Fauna & Flora
The five acre forest garden surrounding the Far Cry bungalow is home to myriad species of fauna and flora. This enchanting place is the outcome of the painstaking transformation back to nature of an abandoned chena covered in thorny scrub. A creatively designed network of trails give guests access to hundreds of trees and plants that are now carefully nurtured, and kept free of weeds and creepers which threaten to stunt their growth, allowing the keen nature lover ample opportunities to study and research the anatomy of a near perfect miniature dry zone eco-system. Two sizeable rainy-weather ponds within the property complemented by the appropriate fruit bearing shrubs have restored the food cycles long lost to this patch of land. To prove it, one has only to look down at the lawn from that fine vantage point of the upper deck of the bungalow at midnight for a simple head-count of black nape hares happily nibbling below though their feast lasts only till a fish owl shows up on the nearby “palu” tree! Mongoose, bandicoot, giant squirrels and somewhat rarely some spotted deer are other small fauna you may encounter at Far Cry.
Attracted by the lush forest cover, and the closeness to water, the forest abounds with endemic and migrant birds. If it is the migratory season you will not be surprised to account for over a hundred species of birds in one go within an hour. Several rare species such as of the northern orange headed ground thrush and the red wing crested cuckoo have been sighted by visitors over the last year. The wewa is home to many types of raptors, and you may witness the drama as a grey headed fish eagle, perched on a dead stump scores off a betraying movement in the clear water beneath. We even have a resident Barn Owl who hunts every night from the vantage point of the roof and in dry weather on moonlit nights.
Of course as resident-explorers at Far Cry you will not do anything so rash as penetrating into the deeper thickets of the dense forests adjoining the property, however inviting they may be, for the chances of crossing the path of a wild elephant or two are not rare at all in that isolation. The Grey Ones do sometimes honour us with a visit at dusk, so do take care when you are out and about.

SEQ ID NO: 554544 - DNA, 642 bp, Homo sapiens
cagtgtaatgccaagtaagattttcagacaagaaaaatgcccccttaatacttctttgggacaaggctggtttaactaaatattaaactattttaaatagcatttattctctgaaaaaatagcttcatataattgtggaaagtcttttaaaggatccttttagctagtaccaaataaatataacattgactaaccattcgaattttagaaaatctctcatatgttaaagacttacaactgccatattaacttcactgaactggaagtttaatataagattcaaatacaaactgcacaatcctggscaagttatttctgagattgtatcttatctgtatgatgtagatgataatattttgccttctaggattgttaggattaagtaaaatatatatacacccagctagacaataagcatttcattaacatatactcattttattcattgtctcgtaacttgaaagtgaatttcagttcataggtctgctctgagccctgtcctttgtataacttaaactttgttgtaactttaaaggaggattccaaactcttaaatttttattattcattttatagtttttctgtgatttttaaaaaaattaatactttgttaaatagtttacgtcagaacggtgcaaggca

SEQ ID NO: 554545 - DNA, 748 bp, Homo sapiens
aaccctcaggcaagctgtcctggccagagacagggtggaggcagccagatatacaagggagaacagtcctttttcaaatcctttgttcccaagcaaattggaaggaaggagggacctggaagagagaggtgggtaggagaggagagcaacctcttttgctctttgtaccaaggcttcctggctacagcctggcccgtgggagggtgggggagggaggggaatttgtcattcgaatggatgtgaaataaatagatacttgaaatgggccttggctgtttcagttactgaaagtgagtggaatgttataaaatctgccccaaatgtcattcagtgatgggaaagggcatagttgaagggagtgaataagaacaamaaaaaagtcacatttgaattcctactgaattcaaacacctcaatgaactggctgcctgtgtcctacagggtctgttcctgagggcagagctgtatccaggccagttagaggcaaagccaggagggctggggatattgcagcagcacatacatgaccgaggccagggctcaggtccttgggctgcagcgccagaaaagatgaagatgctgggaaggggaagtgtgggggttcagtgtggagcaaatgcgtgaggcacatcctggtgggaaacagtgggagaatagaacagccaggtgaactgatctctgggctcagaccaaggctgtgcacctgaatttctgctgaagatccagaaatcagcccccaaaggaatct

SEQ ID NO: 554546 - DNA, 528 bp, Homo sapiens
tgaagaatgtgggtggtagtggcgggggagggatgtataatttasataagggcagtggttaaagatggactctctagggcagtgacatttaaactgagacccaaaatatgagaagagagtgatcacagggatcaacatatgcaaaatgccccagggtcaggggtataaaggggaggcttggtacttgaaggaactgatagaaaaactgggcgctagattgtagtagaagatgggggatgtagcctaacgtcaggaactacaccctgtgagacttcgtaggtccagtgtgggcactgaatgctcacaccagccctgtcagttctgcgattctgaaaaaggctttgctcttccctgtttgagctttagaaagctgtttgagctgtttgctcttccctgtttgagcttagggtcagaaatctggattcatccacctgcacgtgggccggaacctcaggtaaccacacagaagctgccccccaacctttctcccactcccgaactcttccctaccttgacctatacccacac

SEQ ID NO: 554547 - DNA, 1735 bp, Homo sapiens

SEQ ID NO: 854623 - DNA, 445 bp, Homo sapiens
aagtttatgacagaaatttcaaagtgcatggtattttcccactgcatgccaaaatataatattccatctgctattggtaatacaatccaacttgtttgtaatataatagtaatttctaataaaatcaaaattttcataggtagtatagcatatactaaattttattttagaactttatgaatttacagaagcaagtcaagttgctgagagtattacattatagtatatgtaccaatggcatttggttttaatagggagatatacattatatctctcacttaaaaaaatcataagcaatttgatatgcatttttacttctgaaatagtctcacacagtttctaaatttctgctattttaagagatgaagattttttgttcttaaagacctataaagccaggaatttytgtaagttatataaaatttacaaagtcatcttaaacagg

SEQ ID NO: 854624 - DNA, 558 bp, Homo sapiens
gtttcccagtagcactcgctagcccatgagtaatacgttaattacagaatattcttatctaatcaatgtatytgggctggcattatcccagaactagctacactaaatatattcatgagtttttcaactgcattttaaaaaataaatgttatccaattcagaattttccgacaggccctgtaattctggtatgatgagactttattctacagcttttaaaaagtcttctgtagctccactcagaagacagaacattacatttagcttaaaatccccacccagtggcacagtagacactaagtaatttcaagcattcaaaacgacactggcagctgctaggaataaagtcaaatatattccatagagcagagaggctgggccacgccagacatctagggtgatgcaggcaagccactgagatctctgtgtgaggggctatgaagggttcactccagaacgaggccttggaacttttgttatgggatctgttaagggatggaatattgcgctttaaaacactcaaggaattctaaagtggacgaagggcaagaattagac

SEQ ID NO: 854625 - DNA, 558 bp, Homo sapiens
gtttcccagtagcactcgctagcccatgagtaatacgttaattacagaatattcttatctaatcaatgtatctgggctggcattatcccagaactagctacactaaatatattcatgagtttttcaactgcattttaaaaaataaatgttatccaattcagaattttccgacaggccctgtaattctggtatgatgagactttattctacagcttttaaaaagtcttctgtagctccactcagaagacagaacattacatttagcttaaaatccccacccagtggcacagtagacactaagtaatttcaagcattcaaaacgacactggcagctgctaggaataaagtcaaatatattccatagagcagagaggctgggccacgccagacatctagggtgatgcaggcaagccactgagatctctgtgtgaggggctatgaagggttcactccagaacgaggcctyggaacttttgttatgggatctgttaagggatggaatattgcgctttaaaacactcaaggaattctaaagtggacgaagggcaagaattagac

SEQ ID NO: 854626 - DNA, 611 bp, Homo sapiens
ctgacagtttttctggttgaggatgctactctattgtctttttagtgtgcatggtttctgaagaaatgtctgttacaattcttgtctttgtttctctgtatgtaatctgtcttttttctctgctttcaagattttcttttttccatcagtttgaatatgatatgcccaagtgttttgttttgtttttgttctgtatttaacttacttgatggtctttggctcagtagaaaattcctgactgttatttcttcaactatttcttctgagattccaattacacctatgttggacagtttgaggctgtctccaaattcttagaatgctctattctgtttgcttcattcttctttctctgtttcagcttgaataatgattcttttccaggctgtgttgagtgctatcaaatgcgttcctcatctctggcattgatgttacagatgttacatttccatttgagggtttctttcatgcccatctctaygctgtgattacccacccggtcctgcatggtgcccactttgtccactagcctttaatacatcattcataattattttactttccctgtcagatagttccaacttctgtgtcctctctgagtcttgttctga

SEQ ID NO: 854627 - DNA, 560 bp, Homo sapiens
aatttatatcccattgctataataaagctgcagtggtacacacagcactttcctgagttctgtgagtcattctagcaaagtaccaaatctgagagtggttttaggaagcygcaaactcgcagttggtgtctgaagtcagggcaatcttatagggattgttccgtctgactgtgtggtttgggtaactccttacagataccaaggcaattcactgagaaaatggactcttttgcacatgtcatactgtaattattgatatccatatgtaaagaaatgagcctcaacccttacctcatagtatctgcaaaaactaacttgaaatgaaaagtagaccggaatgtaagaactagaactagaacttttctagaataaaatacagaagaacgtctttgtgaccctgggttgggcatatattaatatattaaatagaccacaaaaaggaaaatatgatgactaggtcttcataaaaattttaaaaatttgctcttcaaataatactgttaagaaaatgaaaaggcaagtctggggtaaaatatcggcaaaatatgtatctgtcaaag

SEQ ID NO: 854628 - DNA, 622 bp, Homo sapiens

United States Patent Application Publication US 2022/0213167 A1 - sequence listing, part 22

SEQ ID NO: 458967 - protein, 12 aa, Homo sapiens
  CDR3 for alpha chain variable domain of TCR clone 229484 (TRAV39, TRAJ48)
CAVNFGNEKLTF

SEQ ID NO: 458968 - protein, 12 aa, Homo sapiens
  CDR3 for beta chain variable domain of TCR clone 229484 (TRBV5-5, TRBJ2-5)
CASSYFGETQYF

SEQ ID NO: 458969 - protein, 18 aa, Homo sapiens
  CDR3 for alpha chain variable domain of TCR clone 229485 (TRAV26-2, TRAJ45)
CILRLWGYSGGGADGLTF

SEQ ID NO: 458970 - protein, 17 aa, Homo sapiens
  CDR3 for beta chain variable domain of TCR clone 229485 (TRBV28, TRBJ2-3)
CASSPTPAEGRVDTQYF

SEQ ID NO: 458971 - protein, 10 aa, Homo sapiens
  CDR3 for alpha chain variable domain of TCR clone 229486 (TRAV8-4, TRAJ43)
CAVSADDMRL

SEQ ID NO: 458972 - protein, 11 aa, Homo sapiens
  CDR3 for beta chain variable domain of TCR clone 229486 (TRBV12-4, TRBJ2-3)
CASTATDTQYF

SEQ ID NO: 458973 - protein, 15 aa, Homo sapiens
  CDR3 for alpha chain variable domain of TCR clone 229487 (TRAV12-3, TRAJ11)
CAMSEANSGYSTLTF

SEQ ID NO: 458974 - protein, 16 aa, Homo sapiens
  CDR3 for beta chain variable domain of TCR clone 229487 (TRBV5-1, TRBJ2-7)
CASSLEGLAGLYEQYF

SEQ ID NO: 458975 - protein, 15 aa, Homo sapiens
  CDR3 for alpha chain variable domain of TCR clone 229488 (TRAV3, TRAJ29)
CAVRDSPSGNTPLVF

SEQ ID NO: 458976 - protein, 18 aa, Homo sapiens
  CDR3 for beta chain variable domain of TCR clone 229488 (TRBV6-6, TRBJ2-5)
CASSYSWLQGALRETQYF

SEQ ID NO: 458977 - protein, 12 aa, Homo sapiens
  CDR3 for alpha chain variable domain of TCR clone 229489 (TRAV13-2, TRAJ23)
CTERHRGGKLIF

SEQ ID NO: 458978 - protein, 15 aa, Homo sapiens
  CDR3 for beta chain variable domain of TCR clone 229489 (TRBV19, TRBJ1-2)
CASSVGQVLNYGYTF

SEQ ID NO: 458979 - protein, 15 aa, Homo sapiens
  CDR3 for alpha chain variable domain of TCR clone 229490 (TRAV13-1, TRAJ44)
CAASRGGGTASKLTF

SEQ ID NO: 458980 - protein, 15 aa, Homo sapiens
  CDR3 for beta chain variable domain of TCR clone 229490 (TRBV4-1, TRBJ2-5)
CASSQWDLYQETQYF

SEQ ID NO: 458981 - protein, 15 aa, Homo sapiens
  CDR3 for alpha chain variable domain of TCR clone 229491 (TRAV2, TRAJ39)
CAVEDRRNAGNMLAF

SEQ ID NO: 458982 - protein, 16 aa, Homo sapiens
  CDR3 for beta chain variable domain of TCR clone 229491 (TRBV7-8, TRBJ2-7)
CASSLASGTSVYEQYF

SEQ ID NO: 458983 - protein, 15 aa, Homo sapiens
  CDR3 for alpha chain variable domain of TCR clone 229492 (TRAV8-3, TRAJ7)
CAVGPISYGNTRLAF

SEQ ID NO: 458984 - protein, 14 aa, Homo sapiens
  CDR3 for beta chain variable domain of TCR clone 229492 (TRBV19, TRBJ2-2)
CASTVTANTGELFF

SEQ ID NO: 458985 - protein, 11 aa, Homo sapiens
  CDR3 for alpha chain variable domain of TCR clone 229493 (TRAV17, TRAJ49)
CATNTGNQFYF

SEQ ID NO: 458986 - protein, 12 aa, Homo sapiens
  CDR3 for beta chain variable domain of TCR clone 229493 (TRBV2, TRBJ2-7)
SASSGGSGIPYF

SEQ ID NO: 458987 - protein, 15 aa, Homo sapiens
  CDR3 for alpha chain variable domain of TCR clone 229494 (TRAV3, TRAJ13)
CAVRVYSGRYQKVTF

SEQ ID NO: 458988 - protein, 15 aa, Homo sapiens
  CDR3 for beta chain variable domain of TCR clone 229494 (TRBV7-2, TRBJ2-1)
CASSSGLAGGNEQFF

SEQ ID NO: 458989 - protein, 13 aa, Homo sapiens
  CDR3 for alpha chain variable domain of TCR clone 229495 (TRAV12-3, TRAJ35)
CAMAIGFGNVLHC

For the avid nature lover, a checklist of birds and trees can be provided.
We encourage guests to respect the fragile nature of the traditional rural environment that they are privileged to enjoy. The presence of wildlife on the land, be it the higher forms such as birds and mammals, or the less salubrious ones such as insects and reptiles, is an indication that Mother Nature is alive and well, a cause for celebration. We are the intruders in her domain…..so tread lightly.
There is a traditional Sinhala catchphrase-“Wewai, Dagabai, Gamai, Pansalai” – which is to say that the tank, the stupa, the village and the temple are inextricably and interdependently linked together. This adage is amply demonstrated in the environs of the Kumbukkali Wewa, which for centuries has nurtured Galkadawela Village, situated below its sturdy bund, its ancient budu-madura (relic house) resplendent in its shimmering white glory, and its attendant bodhi tree. This idyllic and enchanting rural landscape is constantly changing. When the rains come, the lake brims and the forest puts on a green mantle, studded with the jewel like colours of bird life. In the dry months, the elephant herd makes the landscape their own, emerging from the sanctuary to dip into the much depleted waters. For us at any time, a constant source of delight.